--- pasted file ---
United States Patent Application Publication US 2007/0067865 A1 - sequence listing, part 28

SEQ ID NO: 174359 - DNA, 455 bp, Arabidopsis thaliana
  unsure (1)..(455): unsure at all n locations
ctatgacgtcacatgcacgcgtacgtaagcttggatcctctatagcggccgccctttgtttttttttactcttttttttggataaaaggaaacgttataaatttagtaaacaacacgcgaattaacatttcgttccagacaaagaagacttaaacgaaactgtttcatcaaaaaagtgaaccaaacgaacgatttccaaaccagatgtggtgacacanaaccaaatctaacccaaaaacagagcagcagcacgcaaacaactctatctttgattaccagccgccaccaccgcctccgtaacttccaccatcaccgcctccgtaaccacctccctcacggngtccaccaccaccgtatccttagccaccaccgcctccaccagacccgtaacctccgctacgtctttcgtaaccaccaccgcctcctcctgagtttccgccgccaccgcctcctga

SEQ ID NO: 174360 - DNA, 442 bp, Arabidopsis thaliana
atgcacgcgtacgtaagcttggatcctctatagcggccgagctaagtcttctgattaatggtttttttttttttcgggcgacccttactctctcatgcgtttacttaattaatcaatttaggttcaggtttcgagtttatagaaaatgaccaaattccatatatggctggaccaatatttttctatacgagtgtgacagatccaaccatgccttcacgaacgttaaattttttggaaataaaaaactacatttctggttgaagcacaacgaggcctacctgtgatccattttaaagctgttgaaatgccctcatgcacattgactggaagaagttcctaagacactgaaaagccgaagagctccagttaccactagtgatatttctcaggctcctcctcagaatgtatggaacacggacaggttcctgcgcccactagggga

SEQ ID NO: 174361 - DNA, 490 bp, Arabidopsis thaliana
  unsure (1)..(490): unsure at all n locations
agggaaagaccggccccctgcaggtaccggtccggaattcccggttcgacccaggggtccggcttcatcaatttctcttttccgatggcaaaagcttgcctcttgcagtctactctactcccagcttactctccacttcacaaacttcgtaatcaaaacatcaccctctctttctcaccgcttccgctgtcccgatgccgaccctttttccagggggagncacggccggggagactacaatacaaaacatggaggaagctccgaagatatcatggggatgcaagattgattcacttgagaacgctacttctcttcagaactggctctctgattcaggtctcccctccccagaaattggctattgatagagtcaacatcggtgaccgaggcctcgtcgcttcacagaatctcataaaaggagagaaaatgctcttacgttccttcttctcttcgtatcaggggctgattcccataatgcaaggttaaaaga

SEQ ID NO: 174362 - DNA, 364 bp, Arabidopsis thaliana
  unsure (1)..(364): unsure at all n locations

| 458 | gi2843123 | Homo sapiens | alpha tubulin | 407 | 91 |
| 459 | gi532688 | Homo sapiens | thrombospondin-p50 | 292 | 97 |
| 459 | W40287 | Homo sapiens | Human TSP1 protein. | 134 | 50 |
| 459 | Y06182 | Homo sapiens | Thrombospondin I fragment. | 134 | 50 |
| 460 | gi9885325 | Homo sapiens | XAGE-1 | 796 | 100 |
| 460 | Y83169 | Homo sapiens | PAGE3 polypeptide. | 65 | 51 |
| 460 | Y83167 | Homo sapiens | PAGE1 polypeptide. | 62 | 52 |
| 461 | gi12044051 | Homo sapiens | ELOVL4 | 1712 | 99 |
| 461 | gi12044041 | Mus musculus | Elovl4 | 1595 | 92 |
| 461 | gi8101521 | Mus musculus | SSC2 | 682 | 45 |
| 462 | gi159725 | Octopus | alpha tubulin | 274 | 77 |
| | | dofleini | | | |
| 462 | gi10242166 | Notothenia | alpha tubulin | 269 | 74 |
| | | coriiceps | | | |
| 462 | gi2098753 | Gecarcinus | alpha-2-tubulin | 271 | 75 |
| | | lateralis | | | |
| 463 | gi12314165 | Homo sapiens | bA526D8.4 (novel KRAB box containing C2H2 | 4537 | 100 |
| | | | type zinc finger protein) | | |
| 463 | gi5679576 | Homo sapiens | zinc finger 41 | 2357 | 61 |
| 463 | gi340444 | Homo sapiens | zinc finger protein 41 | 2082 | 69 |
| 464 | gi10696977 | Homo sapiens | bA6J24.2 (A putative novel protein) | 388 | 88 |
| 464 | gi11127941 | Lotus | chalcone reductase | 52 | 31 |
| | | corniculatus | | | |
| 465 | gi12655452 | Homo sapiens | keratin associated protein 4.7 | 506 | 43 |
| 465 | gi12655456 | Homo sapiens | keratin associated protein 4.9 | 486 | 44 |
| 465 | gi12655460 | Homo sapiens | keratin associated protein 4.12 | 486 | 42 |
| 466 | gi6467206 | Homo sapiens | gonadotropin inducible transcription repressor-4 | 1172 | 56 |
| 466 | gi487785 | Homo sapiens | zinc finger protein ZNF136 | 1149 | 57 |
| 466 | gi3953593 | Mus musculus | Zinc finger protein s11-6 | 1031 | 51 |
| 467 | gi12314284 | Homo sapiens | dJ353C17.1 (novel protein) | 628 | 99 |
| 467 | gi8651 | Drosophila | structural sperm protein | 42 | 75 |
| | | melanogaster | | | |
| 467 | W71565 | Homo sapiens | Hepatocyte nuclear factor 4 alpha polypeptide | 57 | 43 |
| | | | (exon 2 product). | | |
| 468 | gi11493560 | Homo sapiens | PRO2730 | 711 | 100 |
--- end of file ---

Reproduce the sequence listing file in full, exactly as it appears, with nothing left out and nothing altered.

United States Patent Application Publication US 2007/0067865 A1 - sequence listing, part 28

SEQ ID NO: 174359 - DNA, 455 bp, Arabidopsis thaliana
  unsure (1)..(455): unsure at all n locations
ctatgacgtcacatgcacgcgtacgtaagcttggatcctctatagcggccgccctttgtttttttttactcttttttttggataaaaggaaacgttataaatttagtaaacaacacgcgaattaacatttcgttccagacaaagaagacttaaacgaaactgtttcatcaaaaaagtgaaccaaacgaacgatttccaaaccagatgtggtgacacanaaccaaatctaacccaaaaacagagcagcagcacgcaaacaactctatctttgattaccagccgccaccaccgcctccgtaacttccaccatcaccgcctccgtaaccacctccctcacggngtccaccaccaccgtatccttagccaccaccgcctccaccagacccgtaacctccgctacgtctttcgtaaccaccaccgcctcctcctgagtttccgccgccaccgcctcctga

SEQ ID NO: 174360 - DNA, 442 bp, Arabidopsis thaliana
atgcacgcgtacgtaagcttggatcctctatagcggccgagctaagtcttctgattaatggtttttttttttttcgggcgacccttactctctcatgcgtttacttaattaatcaatttaggttcaggtttcgagtttatagaaaatgaccaaattccatatatggctggaccaatatttttctatacgagtgtgacagatccaaccatgccttcacgaacgttaaattttttggaaataaaaaactacatttctggttgaagcacaacgaggcctacctgtgatccattttaaagctgttgaaatgccctcatgcacattgactggaagaagttcctaagacactgaaaagccgaagagctccagttaccactagtgatatttctcaggctcctcctcagaatgtatggaacacggacaggttcctgcgcccactagggga

SEQ ID NO: 174361 - DNA, 490 bp, Arabidopsis thaliana
  unsure (1)..(490): unsure at all n locations
agggaaagaccggccccctgcaggtaccggtccggaattcccggttcgacccaggggtccggcttcatcaatttctcttttccgatggcaaaagcttgcctcttgcagtctactctactcccagcttactctccacttcacaaacttcgtaatcaaaacatcaccctctctttctcaccgcttccgctgtcccgatgccgaccctttttccagggggagncacggccggggagactacaatacaaaacatggaggaagctccgaagatatcatggggatgcaagattgattcacttgagaacgctacttctcttcagaactggctctctgattcaggtctcccctccccagaaattggctattgatagagtcaacatcggtgaccgaggcctcgtcgcttcacagaatctcataaaaggagagaaaatgctcttacgttccttcttctcttcgtatcaggggctgattcccataatgcaaggttaaaaga

SEQ ID NO: 174362 - DNA, 364 bp, Arabidopsis thaliana
  unsure (1)..(364): unsure at all n locations

| 458 | gi2843123 | Homo sapiens | alpha tubulin | 407 | 91 |
| 459 | gi532688 | Homo sapiens | thrombospondin-p50 | 292 | 97 |
| 459 | W40287 | Homo sapiens | Human TSP1 protein. | 134 | 50 |
| 459 | Y06182 | Homo sapiens | Thrombospondin I fragment. | 134 | 50 |
| 460 | gi9885325 | Homo sapiens | XAGE-1 | 796 | 100 |
| 460 | Y83169 | Homo sapiens | PAGE3 polypeptide. | 65 | 51 |
| 460 | Y83167 | Homo sapiens | PAGE1 polypeptide. | 62 | 52 |
| 461 | gi12044051 | Homo sapiens | ELOVL4 | 1712 | 99 |
| 461 | gi12044041 | Mus musculus | Elovl4 | 1595 | 92 |
| 461 | gi8101521 | Mus musculus | SSC2 | 682 | 45 |
| 462 | gi159725 | Octopus | alpha tubulin | 274 | 77 |
| | | dofleini | | | |
| 462 | gi10242166 | Notothenia | alpha tubulin | 269 | 74 |
| | | coriiceps | | | |
| 462 | gi2098753 | Gecarcinus | alpha-2-tubulin | 271 | 75 |
| | | lateralis | | | |
| 463 | gi12314165 | Homo sapiens | bA526D8.4 (novel KRAB box containing C2H2 | 4537 | 100 |
| | | | type zinc finger protein) | | |
| 463 | gi5679576 | Homo sapiens | zinc finger 41 | 2357 | 61 |
| 463 | gi340444 | Homo sapiens | zinc finger protein 41 | 2082 | 69 |
| 464 | gi10696977 | Homo sapiens | bA6J24.2 (A putative novel protein) | 388 | 88 |
| 464 | gi11127941 | Lotus | chalcone reductase | 52 | 31 |
| | | corniculatus | | | |
| 465 | gi12655452 | Homo sapiens | keratin associated protein 4.7 | 506 | 43 |
| 465 | gi12655456 | Homo sapiens | keratin associated protein 4.9 | 486 | 44 |
| 465 | gi12655460 | Homo sapiens | keratin associated protein 4.12 | 486 | 42 |
| 466 | gi6467206 | Homo sapiens | gonadotropin inducible transcription repressor-4 | 1172 | 56 |
| 466 | gi487785 | Homo sapiens | zinc finger protein ZNF136 | 1149 | 57 |
| 466 | gi3953593 | Mus musculus | Zinc finger protein s11-6 | 1031 | 51 |
| 467 | gi12314284 | Homo sapiens | dJ353C17.1 (novel protein) | 628 | 99 |
| 467 | gi8651 | Drosophila | structural sperm protein | 42 | 75 |
| | | melanogaster | | | |
| 467 | W71565 | Homo sapiens | Hepatocyte nuclear factor 4 alpha polypeptide | 57 | 43 |
| | | | (exon 2 product). | | |
| 468 | gi11493560 | Homo sapiens | PRO2730 | 711 | 100 |